Previous studies have shown that hyperlactic acid is a risk factor for SCM (14). An elevated lactic acid level is a manifestation of impaired systemic microcirculation and tissue insufficiency. A serum lactic acid value of >4 mmol/L at admission is associated with a high mortality rate, and patients with persistently high lactic acid levels for more than 24h have poor prognosis (21). In this study, there was a significant difference in the proportion of patients with high lactic acid value (≥4 mmol/L) between the SCM group and the NSCM group during the screening process, but there was no significant correlation between the lactic acid level and postoperative SCM in the multivariate logistic regression.
The differences in the results between studies may be due to the differences in the included population, and the results of previous studies cannot be generalized in the patient population targeted in this study. Meanwhile, we found that a high SOFA score is an independent risk factor for SCM in patients with sepsis, suggesting that multi-organ failure and lactic acidosis may be the result of systemic dysfunction, rather than the direct cause of SCM.
Age is considered to be an independent risk factor for SCM (9). Aging-related physiological changes lead to decreased organ function and immune function, and these are usually accompanied by various chronic diseases. Resistance to systemic inflammatory response in sepsis is weakened, leading to an increased risk of SCM (20). However, the influence of age is still controversial. Sato et al. (9) reported a significant increase in the incidence of SCM in young and male patients in their study. In the current study, multivariate logistic regression analysis showed that the incidence of SCM was correlated with younger age (OR, 0.96; 95% CI: 0.94-0.99), but the mechanism is still unclear and needs further analysis. Further, unlike previous studies, although the SCM group in our study was older than the NSCM group (median age: 70 years vs. 66 years), the difference was not significant. This conflicting findings between the current and previous studies may be due to the retrospective nature of the study and the limitation of the overall sample size. Further investigations are needed to confirm that age as a risk factor for SCM after sepsis.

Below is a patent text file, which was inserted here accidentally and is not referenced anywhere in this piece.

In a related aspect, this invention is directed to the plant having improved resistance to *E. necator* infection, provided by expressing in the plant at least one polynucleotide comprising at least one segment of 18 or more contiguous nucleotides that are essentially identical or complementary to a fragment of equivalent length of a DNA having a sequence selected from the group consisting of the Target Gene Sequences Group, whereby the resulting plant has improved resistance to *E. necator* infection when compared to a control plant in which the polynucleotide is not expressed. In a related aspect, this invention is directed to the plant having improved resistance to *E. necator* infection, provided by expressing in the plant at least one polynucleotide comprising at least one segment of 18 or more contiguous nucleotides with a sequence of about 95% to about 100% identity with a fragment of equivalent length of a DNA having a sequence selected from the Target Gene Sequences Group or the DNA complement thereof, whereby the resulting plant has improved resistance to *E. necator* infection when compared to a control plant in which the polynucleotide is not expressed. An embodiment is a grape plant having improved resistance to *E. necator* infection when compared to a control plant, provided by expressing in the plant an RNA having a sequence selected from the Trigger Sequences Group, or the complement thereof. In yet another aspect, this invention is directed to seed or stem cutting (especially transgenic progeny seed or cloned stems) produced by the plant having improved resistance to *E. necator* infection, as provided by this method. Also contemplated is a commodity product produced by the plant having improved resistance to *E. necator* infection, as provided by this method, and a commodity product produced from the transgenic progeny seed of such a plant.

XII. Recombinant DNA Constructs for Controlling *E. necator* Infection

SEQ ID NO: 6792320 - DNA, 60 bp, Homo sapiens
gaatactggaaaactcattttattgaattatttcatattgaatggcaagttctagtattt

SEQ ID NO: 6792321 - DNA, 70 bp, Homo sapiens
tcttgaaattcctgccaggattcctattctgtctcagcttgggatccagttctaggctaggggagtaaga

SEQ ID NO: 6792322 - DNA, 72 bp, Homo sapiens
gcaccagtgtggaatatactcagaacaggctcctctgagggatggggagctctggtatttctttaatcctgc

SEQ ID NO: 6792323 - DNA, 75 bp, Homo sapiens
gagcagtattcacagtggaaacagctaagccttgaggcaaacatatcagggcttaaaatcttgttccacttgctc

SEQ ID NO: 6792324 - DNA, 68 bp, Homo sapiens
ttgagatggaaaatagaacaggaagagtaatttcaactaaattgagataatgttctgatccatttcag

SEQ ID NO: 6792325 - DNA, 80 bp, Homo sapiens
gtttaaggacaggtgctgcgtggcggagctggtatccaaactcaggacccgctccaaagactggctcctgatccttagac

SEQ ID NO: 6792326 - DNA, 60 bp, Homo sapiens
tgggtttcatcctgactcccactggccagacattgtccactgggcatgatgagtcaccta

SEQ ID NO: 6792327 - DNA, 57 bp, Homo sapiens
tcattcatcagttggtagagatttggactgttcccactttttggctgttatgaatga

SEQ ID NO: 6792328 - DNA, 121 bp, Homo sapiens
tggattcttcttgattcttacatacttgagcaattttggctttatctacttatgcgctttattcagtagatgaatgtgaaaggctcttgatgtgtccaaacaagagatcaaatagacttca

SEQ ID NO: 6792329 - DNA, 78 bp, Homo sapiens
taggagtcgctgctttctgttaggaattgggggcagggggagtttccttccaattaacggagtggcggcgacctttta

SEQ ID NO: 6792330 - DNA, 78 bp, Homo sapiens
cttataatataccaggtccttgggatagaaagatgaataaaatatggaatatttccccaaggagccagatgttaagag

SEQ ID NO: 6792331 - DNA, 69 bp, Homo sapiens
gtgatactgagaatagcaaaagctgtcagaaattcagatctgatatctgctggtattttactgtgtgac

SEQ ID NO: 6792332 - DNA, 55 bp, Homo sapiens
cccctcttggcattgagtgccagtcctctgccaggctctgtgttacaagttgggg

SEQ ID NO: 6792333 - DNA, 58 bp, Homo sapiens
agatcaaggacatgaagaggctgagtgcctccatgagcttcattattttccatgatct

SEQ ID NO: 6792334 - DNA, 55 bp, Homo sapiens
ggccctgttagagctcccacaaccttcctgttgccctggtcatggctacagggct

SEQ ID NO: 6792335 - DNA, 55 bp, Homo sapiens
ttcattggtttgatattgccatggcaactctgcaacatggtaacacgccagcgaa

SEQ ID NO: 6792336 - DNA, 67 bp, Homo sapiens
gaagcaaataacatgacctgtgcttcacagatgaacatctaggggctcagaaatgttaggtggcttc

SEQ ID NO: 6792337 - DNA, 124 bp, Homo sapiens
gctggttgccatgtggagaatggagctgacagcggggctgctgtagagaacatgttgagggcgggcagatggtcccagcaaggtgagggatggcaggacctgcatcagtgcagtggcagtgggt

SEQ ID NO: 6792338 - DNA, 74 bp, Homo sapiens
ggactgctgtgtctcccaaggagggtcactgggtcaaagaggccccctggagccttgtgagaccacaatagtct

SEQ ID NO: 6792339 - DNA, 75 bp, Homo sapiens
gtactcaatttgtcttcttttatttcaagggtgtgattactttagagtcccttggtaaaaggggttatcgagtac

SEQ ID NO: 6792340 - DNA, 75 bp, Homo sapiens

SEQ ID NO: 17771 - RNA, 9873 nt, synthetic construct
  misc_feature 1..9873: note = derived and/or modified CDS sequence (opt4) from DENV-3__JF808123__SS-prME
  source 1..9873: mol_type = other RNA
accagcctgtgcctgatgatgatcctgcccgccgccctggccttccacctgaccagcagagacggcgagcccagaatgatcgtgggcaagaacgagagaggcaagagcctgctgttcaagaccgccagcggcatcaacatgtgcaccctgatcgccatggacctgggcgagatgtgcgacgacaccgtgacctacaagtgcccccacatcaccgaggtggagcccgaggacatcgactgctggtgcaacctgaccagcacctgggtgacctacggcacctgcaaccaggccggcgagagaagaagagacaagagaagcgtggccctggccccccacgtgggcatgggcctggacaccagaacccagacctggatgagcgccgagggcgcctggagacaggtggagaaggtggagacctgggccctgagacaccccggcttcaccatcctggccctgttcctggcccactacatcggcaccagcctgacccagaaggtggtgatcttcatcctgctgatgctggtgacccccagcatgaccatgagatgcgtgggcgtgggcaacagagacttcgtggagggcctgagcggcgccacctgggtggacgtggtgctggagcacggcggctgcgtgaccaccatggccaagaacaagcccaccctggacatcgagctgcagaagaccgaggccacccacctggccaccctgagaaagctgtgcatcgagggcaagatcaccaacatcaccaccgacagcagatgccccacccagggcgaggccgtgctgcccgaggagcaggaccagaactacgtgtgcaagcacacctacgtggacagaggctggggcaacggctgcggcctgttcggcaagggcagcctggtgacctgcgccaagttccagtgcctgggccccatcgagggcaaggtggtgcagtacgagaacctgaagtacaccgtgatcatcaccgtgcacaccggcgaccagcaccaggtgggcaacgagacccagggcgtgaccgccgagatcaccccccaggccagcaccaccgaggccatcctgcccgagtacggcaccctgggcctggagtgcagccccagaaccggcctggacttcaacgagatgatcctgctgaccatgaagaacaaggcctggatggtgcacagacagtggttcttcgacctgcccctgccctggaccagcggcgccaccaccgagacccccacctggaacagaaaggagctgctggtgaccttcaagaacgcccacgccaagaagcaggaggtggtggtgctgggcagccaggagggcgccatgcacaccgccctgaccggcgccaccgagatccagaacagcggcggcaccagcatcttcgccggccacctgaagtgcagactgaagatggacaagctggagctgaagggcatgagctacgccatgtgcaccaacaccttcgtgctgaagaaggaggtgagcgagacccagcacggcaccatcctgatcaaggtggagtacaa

We also found that the maximum dose of norepinephrine was significantly higher in the SCM group than in the NSCM group, while the minimum platelet value was significantly lower (P<0.05). The proportion of patients with high initial lactic acid value, maximum lactic acid value, maximum PCT value, and maximum body temperature was significantly higher in the SCM group than in the NSCM group (P<0.05). However, multivariate logistic regression analysis showed that these indicators were not independent risk factors for perioperative SCM. This could be due to the limitations of this study. First, this was a retrospective study. Although the results indicate a correlation between the risk factors and outcome, the relationship is not causal. Second, because this was a retrospective study, cardiac function was measured using different methods including echocardiography and Picco hemodynamic monitoring. This difference can lead to biases in the population that may affect the study results. However, studies have shown the consistency between cardiac ultrasound and Picco for cardiac function assessment (13). Third, a unified diagnostic standard for SCM is yet to be established. At present, SCM is diagnosed according to the following clinical characteristics: (1) decreased ventricular systolic force; (2) left ventricular dilation under normal or low filling pressure; and (3) right ventricular dysfunction and/or left ventricular dysfunction with reduced infusion response. However, we used a more stringent diagnostic criteria for SCM, and required the identification of reduced cardiac systolic function to exclude patients with primary cardiac dysfunction. Fourth, because most of our patients had decreased cardiac function on admission, some patients who might have abnormal basic cardiac function combined with sepsis were included in the SCM group. To reduce the influence of this limitation, we included improvement of cardiac function after sepsis treatment in the diagnostic criteria for SCM. Finally, only 269 patients were included in this study. From the perspective of risk factors, a larger sample size is needed to obtain more reliable results. Further prospective studies are needed to verify the results in this study.